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DENVER (KDVR) — Denver families remain on edge nearly three weeks after a fire forced them to find a new place to live.

A former tenant of the Maple Apartments in Denver said she’s not getting much help from property management. So she reached out to the Problem Solvers for help and for answers.

“We lost everything, and I was only there for a short period of time,” Shamyra Davis said. She moved in less than a week before a fire ripped through the apartments earlier this month.

New pictures show the damage done to her home after the fire, everything either scorched or gone.

“I was in a hoodie and a dress and some house shoes,” Davis said, describing the moments immediately after the fire. “And my baby was in some pajamas.”

Davis and her three children, including her 1-year-old, are now staying with her mother in Aurora until they find a new place to live.

“It’s a struggle for her because she’s got her own financial situations going on,” Davis explained.

How Maplewood Apartments managers responded

She said property management has offered her a two-bedroom to move into by next week, but because of her health issues and her three children, it’s not sustainable for her and her family.

“It’s kind of like they make us feel like we caused the fire or like it’s our fault, and it’s not,” she said.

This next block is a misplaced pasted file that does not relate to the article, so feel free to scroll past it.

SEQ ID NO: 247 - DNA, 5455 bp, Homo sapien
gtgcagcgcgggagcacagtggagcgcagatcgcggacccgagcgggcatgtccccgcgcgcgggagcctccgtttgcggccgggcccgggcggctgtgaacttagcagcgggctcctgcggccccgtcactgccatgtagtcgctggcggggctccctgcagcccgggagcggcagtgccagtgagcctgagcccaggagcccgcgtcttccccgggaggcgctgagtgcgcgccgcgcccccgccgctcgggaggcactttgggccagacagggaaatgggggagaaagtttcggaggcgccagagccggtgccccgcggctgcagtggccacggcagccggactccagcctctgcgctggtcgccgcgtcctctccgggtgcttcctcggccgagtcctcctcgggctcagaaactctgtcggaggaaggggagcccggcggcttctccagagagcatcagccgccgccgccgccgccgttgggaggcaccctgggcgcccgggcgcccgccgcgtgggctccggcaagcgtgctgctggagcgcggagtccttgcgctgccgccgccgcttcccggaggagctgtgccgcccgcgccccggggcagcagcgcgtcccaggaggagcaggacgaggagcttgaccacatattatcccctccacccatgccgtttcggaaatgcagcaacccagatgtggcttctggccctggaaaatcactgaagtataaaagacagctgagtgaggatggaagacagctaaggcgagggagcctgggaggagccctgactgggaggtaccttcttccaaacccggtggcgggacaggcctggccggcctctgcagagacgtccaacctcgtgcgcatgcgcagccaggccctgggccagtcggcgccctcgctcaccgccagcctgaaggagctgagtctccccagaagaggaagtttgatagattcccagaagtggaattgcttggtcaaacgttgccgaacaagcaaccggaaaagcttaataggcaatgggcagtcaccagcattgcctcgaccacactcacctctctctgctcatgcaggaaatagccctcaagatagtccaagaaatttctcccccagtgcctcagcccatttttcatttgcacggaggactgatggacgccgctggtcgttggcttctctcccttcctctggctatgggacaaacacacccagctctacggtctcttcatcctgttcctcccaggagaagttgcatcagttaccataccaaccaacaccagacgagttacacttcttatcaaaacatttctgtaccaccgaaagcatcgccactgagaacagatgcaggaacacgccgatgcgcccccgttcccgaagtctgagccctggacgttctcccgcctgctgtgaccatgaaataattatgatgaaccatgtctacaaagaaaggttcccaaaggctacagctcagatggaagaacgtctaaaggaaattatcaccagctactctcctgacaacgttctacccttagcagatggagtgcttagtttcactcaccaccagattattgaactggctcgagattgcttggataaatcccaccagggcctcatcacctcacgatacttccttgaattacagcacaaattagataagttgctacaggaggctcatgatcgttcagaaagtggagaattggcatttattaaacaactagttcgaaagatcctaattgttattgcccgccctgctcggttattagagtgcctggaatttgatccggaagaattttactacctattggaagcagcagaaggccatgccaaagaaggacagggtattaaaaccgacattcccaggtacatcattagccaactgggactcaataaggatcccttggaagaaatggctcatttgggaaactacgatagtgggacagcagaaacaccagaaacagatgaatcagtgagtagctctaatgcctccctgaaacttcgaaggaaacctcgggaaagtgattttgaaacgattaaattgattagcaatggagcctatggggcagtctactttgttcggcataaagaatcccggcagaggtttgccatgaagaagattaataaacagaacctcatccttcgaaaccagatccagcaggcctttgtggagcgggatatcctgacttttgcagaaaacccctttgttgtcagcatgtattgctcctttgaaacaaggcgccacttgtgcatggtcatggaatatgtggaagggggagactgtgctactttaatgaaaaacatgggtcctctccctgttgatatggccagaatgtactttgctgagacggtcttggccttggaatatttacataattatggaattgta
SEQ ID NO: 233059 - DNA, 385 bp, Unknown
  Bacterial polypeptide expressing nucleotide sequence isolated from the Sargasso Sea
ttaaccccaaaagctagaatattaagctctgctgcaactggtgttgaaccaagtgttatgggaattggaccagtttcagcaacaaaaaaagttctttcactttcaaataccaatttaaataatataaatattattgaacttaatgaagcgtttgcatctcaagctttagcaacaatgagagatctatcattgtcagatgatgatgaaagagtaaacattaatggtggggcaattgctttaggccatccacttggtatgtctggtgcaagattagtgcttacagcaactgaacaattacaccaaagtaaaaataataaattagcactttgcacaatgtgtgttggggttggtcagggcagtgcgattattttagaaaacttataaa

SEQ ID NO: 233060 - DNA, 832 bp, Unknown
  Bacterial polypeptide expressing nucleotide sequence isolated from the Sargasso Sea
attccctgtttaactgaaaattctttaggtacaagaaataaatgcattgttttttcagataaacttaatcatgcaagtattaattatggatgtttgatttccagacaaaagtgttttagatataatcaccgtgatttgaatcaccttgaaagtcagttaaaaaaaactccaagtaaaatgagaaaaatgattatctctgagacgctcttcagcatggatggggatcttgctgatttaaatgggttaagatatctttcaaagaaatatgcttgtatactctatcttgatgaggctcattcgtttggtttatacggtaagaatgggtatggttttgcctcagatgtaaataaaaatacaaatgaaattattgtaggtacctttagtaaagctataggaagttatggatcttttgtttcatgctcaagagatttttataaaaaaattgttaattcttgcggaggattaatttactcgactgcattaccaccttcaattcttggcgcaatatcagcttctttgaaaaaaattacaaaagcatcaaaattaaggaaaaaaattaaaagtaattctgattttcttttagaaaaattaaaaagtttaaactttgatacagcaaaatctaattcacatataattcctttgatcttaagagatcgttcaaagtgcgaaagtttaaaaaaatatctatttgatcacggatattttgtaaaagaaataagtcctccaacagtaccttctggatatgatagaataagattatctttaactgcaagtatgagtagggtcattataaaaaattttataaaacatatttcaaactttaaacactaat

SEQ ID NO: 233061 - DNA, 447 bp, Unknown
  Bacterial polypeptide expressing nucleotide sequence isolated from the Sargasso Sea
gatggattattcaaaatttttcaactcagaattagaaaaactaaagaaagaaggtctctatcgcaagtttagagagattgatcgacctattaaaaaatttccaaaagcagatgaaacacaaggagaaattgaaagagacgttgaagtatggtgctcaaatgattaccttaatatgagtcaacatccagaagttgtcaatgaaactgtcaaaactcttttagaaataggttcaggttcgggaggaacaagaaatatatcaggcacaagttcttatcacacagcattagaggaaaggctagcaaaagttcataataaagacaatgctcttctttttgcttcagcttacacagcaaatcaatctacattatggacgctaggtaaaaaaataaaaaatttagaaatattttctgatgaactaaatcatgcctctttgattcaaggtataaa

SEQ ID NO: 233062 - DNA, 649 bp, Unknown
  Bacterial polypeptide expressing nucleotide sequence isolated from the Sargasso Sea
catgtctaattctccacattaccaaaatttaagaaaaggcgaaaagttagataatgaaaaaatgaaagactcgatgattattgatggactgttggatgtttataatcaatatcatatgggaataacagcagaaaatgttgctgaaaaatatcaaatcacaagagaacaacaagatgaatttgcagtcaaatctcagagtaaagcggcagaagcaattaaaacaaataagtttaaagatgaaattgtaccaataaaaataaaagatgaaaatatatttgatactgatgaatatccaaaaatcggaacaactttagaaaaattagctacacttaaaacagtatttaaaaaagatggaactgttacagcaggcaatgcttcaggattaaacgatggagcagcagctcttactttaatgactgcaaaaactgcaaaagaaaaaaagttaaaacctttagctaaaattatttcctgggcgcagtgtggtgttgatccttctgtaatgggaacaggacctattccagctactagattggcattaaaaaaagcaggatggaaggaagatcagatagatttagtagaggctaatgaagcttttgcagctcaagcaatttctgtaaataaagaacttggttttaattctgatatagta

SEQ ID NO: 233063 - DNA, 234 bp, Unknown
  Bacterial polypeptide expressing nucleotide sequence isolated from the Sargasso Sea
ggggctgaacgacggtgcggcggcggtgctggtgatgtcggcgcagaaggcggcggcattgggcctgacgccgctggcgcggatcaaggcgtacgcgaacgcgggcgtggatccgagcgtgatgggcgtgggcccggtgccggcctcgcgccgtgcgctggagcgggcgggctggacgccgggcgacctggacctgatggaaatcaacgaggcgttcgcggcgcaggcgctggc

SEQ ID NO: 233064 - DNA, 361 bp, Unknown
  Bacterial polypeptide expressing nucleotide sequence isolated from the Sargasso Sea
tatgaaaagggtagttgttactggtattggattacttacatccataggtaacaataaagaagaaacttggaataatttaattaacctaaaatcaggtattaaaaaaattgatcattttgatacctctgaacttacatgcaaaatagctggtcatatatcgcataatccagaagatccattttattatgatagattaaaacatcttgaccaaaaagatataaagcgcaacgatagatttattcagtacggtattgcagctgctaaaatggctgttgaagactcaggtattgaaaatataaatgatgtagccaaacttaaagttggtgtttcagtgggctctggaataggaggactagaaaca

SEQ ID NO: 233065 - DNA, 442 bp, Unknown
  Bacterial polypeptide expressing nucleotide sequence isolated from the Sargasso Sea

The Problem Solvers heard from Avail Property Management just this week. They promised to continue working with each family until they’re permanently housed again. FOX31 reached out to the team on Friday for comment on when the temporary housing some are living in is set to end, but they did not respond in time for this report.

How to help this family

David said the Red Cross did help with funds, specifically gift cards. But she’s not sure how larger families were able to make the money stretch.

Here’s a link to Davis’ GoFundMe, and she is hoping someone can help her family during this tough transition.

Davis showed pictures of the home when she moved in, before the fire. She said those conditions are why she’s nervous about the new housing the property is now offering her.

“I didn’t enjoy it from the time I moved in there,” Davis said about her former home. “It was a piece of crap they moved me into.”

Davis faces an uncertain future as she waits for more clarity from property management, who she thinks is blowing smoke.

“I expected them to help more than they’ve done,” she said.

Davis said she lost everything, including her brother’s ashes, who died last year. Davis also said she just wants to move forward with the resources necessary to raise her family.